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At 3.6 degrees, Delhi feels like 2 ° due to strong, cold winds


Residents of northwestern India shuddered from cold snap or severe cold snap conditions on Tuesday, and icy winds blowing through the capital made the weather appear colder than it actually was. The Safdarjung Observatory, which provides representative meteorological data for Delhi, recorded a minimum temperature of 3.6 degrees Celsius.

Delhi’s “feel-like” temperature, which takes into account wind speed and humidity to assess how the human body perceives temperature, was as low as 2 degrees Celsius, meteorological scientists said. That was mainly due to strong cold winds blowing at 15-20km / h that improved perception of cold, they said.

“For example, in winter, a strong wind can feel much colder than the measured temperature would indicate. In contrast, on a humid summer day, it can feel uncomfortably hotter than air temperatures would suggest … ”according to the UK Met Office.

A cold snap occurs on the plains when the minimum temperature is 10 degrees Celsius or lower and / or is 4.5 notches lower than normal for the season for two consecutive days. A cold wave is also declared when the minimum temperature is below 4 degrees Celsius on the plain.

Read also | Expect a wave of cold and fog in Delhi in the next four days: IMD

Lodhi Road and Ayanagar in Delhi recorded minimum temperatures of 2.7 and 2.6 degrees Celsius, respectively. The maximum temperature in the city on Tuesday was 18.1 degrees Celsius, 2 degrees below normal.

Many stations in the northern plains recorded minimum temperatures of 0 degrees or close to 0 degrees Celsius. Hisar and Narnaul, both in Haryana, recorded 0 degrees and 0.3 degrees Celsius, respectively. Amritsar (Punjab) registered a minimum temperature of 0.4 degrees Celsius. Bhilwara, Pilani, Sikar and Churu (all in Rajasthan) recorded a minimum temperature of 0.9, 0.9; 0.5 and 0.4 degrees Celsius, respectively.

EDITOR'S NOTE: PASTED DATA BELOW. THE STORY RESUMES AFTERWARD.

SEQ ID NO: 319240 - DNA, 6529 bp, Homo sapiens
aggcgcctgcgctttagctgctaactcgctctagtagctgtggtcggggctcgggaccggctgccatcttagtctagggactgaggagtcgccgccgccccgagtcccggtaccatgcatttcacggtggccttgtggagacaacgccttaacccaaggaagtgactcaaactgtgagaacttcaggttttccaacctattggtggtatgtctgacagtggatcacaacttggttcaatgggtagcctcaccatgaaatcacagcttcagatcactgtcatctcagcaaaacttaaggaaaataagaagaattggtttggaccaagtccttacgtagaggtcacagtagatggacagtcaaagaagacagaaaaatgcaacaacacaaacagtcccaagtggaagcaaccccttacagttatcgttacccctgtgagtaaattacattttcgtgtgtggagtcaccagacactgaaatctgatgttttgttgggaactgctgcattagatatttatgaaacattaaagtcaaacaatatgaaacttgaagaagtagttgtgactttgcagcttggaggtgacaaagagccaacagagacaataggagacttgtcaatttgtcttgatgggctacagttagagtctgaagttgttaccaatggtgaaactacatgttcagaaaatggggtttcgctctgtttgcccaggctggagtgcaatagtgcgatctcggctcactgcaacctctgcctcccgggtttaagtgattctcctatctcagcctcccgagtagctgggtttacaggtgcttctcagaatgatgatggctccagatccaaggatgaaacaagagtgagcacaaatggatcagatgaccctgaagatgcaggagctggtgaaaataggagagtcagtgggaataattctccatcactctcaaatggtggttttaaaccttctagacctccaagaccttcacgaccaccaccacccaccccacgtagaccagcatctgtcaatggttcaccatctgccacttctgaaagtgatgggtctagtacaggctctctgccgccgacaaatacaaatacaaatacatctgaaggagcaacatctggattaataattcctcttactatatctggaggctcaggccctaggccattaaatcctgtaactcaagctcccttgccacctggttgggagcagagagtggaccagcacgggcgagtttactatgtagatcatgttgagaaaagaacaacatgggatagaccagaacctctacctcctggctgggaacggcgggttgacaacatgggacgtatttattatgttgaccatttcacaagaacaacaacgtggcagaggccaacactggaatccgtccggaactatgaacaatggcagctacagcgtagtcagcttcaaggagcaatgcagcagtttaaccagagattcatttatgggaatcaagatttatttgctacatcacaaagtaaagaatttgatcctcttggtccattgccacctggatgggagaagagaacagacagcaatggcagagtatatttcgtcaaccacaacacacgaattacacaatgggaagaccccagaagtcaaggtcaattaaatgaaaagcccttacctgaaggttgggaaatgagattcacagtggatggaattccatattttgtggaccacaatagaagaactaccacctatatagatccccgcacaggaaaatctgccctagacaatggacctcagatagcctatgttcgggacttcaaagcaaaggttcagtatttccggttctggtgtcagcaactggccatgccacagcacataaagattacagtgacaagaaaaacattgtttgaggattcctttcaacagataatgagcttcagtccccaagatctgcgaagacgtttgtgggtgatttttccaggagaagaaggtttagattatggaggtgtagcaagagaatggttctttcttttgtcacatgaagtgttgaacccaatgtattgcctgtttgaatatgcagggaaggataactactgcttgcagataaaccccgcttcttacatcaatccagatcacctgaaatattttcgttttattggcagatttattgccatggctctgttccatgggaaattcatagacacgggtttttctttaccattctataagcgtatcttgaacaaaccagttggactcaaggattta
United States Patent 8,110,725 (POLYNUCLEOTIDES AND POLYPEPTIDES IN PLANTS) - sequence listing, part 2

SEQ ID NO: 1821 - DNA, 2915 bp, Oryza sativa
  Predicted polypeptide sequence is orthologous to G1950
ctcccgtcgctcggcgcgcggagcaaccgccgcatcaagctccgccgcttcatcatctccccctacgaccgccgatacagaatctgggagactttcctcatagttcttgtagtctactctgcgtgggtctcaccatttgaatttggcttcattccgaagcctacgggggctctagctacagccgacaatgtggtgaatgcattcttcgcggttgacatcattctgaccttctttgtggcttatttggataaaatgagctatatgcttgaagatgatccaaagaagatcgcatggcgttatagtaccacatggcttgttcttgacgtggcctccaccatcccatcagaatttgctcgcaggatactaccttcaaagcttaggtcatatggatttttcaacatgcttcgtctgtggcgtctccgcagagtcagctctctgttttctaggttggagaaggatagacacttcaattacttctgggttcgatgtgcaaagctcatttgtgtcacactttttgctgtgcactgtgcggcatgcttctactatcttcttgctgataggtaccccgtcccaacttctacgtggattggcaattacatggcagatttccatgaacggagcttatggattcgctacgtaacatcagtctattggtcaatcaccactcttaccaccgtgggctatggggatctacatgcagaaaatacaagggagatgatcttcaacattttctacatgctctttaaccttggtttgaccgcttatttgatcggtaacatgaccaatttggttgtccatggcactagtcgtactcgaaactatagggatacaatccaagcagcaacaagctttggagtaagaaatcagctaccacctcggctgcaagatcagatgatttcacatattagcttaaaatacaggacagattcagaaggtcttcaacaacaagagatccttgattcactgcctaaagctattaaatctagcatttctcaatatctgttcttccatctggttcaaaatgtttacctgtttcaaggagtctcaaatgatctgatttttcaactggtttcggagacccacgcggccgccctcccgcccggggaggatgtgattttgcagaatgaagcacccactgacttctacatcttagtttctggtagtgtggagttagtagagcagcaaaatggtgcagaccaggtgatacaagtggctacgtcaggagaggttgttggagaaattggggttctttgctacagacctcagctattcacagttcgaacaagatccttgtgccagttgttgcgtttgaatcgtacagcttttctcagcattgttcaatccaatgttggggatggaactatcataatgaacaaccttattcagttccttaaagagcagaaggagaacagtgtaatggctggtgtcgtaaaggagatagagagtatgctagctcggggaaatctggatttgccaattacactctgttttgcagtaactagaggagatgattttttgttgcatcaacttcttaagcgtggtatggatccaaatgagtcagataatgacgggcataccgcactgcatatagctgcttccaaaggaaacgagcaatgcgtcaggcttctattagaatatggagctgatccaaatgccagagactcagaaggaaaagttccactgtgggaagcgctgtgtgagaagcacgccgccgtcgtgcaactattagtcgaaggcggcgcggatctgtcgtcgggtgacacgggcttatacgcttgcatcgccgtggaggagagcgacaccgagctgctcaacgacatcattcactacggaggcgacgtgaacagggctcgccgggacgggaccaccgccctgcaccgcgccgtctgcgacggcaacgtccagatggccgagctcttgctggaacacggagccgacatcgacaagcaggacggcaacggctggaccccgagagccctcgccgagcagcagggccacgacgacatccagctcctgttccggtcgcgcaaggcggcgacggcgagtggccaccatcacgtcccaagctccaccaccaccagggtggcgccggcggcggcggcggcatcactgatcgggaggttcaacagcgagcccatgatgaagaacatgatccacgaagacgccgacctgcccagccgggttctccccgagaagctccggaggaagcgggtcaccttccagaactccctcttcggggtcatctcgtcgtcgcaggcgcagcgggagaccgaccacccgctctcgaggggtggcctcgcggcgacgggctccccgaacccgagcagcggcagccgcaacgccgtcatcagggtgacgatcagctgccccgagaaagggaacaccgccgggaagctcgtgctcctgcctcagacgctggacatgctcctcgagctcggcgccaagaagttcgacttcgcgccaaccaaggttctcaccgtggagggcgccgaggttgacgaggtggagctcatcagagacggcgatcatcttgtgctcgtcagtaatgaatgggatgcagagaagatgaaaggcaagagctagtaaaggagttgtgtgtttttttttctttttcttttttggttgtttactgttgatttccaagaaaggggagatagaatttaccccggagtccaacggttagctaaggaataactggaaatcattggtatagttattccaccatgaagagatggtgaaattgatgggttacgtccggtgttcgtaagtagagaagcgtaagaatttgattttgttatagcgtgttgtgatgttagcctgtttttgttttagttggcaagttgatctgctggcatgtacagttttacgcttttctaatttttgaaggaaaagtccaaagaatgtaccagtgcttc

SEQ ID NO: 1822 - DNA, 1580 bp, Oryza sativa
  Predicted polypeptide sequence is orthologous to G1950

“Severe cold waves were recorded in many parts of Punjab and Haryana and cold wave conditions were recorded in Delhi,” said Kuldeep Shrivastava, head of the Regional Weather Forecast Center.

“Extremely cold winds from Jammu and Kashmir and Himachal Pradesh, covered in snow, are now reaching the plains. The average wind speed was around 15 km / h in Delhi, which increased the feeling of cold, so that the “feeling” of temperature was around 2 degrees Celsius. Minimum temperatures will be low for the next two days and may even drop further, ”he said.

New Years Day is likely to bring relief, when the low temperature is forecast to rise to around 5 degrees Celsius and around 7 degrees Celsius on January 2-3, Shrivastava said.

A new western disturbance is likely to hit the western Himalayan region around January 4, which may bring light rain and downpours to the plains, including Delhi.

Influenced by strengthening cold and dry northwest / north winds at lower levels, minimum temperatures are likely to drop by around 2 degrees Celsius over most of northwest and central India over the next three days and increase by 3-5 degrees Celsius over the next three days (January 1-3).

Frosty conditions are likely in northern Rajasthan, Himachal Pradesh, Uttarakhand, Punjab, Haryana, Chandigarh, and Delhi for the next two days.

“Many parts of Northwest India are reaching freezing point. We expect December 31 to be the coldest. Around January 2, a cyclonic circulation is likely to form in southern Rajasthan and an anticyclone in Chhattisgarh and Odisha. A confluence zone is likely to develop over Madhya Pradesh and eastern Rajasthan that will likely bring rain to Punjab, Haryana and Delhi, ”said Mahesh Palawat, vice president of climate change and meteorology at the private forecaster Skymet Weather.

Highest Weather Station in India:

• India MD established a meteorological center in Leh in Ladakh on Tuesday. At 3,500 meters, it is the highest meteorological center in India.

• Being located in a strategically important western Himalayan region bordering China, Pakistan, Tibet and Afghanistan, IMD will report daily weather parameters for the region.

• Ladakh has a complex mountainous terrain with little annual rainfall of only 10 cm / year, making it a cold desert.

• You often experience extreme weather events such as cloudbursts, flash floods, glacial lake outbursts (GLOFs), avalanches, and droughts.

• Some examples include heavy rain in August 2010 and 2015, an avalanche at the Khardongla Pass in January 2019, and the frequent blocking of the Leh-Manali and Leh-Srinagar roads due to heavy snowfall on the mountain passes.

• The Leh Meteorological Center will strengthen the climate-related early warning system in Ladakh.

• To start with, IMD has established a surface observatory in Leh to report daily weather parameters such as humidity, temperature, and snowfall.

• Ladakh has four automatic weather stations, two each in both districts, of which one is in Drass, the coldest place in India. Real-time weather data is available online at the Indian Meteorological Department website.

• To improve the network, IMD proposes to install more weather stations next year in places like Nubra, Zanskar, Changthang and Parkachik, covering all of Ladakh.

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